The process to create a new neighborhood park in the Cedar Avenue area began more than nine months ago, but when 230 volunteers came together on Nov. 16, it took only a few hours to build it.
“This morning this was all dirt,” said Dixon Keller, Nevada sales director for Humana. “Look what we have now. We are actually building this playground in six hours.”
The project was organized in part by KaBOOM!, a national nonprofit organization that seeks to ensure that every child in America has a place to play within walking distance. The organization seeks out “play deserts,” places typically in urban settings where there is no safe playground for children. For the Cedar Avenue park, the organization found a location to build at C3 Church, 501 N. Mojave Road.
KaBOOM! partners with local and national charities to create a park in one day.
“We’ve got volunteers from Humana, Three Square, C3 Church and other members of the community.” Keller said. “We’ve got veterans the Naval Sea Cadet Corps and the pastor pitching in. A lot of people came out from Humana’s Arizona offices. Our director of finance is out here, and he’s been carting mulch all day.”
By 1 p.m., mulch was being moved to the playground. Volunteers stood on the mound of mulch in the parking lot shoveling it into wheelbarrows at breakneck speed. When there weren’t enough wheelbarrows, the volunteers improvised, creating makeshift litters out of plastic tarpaulins.
The main sections of playground equipment were up, although it would be another three days before the cement cured and kids could use it.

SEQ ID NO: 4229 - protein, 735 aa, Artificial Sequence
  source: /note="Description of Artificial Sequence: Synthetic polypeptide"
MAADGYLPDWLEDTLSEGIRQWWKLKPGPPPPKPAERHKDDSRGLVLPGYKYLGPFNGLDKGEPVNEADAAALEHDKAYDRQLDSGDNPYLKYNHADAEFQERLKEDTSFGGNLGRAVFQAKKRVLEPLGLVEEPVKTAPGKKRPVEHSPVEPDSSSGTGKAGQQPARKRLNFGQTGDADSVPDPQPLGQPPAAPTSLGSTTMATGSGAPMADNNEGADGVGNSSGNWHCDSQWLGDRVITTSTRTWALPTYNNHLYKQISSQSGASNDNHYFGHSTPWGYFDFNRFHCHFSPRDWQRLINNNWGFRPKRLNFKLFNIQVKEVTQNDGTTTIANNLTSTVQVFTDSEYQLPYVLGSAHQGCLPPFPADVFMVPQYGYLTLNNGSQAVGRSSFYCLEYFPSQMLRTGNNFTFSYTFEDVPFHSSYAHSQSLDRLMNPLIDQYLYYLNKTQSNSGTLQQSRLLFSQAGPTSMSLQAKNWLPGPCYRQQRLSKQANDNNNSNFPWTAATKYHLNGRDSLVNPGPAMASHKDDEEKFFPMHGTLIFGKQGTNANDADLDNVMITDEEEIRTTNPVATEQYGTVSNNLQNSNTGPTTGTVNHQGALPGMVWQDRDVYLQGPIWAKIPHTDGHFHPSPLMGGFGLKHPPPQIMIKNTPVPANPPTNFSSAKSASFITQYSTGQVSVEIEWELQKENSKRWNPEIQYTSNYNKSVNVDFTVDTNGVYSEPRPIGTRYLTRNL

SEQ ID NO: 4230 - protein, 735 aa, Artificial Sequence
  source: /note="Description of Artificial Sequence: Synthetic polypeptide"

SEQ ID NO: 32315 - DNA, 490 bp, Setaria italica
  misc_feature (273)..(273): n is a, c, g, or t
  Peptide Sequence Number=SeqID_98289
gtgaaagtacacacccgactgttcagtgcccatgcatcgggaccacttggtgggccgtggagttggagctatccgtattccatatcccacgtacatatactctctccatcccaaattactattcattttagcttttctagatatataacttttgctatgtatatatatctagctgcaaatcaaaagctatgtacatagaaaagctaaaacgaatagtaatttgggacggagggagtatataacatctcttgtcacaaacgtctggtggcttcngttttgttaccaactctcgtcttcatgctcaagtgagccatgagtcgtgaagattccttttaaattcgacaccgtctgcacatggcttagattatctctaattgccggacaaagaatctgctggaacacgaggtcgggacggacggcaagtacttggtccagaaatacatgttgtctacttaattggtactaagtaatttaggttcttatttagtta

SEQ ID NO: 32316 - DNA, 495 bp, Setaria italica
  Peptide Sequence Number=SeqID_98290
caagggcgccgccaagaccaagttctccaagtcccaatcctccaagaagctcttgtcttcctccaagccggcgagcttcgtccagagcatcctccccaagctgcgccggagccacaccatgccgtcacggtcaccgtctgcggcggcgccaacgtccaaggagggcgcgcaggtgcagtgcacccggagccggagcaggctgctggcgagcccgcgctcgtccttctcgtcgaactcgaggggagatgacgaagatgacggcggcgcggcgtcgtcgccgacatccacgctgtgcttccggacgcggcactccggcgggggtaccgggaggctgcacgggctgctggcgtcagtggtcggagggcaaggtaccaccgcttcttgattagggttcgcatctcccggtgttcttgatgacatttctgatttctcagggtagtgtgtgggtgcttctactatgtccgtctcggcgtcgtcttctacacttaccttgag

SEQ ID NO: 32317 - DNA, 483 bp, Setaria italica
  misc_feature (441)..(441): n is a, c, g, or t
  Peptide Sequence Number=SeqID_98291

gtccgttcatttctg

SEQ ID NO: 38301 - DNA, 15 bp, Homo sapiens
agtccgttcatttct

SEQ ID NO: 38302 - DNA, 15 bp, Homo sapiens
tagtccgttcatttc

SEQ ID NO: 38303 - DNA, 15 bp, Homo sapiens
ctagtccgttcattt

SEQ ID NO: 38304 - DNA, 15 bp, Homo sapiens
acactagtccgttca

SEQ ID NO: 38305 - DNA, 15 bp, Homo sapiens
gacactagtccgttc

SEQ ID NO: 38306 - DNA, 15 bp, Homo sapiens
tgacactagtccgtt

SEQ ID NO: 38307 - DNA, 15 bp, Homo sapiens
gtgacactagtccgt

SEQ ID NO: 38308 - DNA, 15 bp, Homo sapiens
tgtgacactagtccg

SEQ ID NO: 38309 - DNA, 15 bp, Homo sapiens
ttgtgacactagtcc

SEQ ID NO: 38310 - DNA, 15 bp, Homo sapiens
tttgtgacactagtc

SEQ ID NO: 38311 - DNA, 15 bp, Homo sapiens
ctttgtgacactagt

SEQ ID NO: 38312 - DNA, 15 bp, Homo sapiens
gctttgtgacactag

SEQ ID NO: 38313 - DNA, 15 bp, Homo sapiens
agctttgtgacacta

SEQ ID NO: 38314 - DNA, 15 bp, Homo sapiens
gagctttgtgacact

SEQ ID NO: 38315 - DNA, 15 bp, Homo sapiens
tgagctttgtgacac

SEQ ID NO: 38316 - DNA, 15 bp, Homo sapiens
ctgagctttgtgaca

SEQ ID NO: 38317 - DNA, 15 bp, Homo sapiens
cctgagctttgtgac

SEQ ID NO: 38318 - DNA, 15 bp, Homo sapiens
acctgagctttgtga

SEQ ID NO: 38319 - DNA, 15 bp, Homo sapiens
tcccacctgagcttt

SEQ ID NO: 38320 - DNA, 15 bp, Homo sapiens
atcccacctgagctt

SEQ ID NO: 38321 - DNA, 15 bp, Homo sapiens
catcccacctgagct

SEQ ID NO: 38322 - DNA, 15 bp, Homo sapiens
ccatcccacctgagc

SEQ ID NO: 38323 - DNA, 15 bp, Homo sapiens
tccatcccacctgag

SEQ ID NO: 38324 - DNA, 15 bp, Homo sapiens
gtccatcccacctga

“We didn’t do any construction on this before today,” Keller said. “It’s all been done today. We dug the holes and poured the cement this morning.”
The preparations were a matter of paperwork, planning and prayer.
“When we’re informed that KaBOOM! was doing this, that they were looking for a place around here to put a park, we got the congregation together and prayed,” said Mario Rodriguez, senior pastor at C3 Church. “Then we started working on the paperwork and letting them know we wanted to be a part of it. It was a lengthy process.”
Once KaBOOM! decided the church property was the right place to build, organizers went to the people who would be using the facility to begin the design process.
“We gave about 35 little kids paper and told them to draw their dream playground on one side,” Keller said. “Then we told them to draw a great place for their parents and grandparents on the other side. They drew rock walls, ziplines, slides swings and sandboxes. On the adult side, they had rocking chairs, checkerboards and a place to have tea and a nap.”
Organizers incorporated as many of the childrens’ ideas in the final plan as they could, although they scrapped the rocking chairs and tea in favor of exercise stations for adults.
“Play is a very important part of well-being and health,” Keller said. “We wanted to build a place where the neighbors could socialize. It was important that C3 created this place for the public, not just the church. It’s a community park now.”
Rodriguez said the project brought the community together in ways he had not expected.
“All through the process, there were little things here and there we needed,” he said. “People and organizations just jumped in and helped out. Home Depot came in and supported us. Three Square helped out. A lot of community organizations got involved and pitched in.”
Rodriguez said he was pleased with the final project and how it all came together.
“It’s a dream come true,” he said.
Contact Paradise/Downtown View reporter F. Andrew Taylor at email@example.com or 702-380-4532.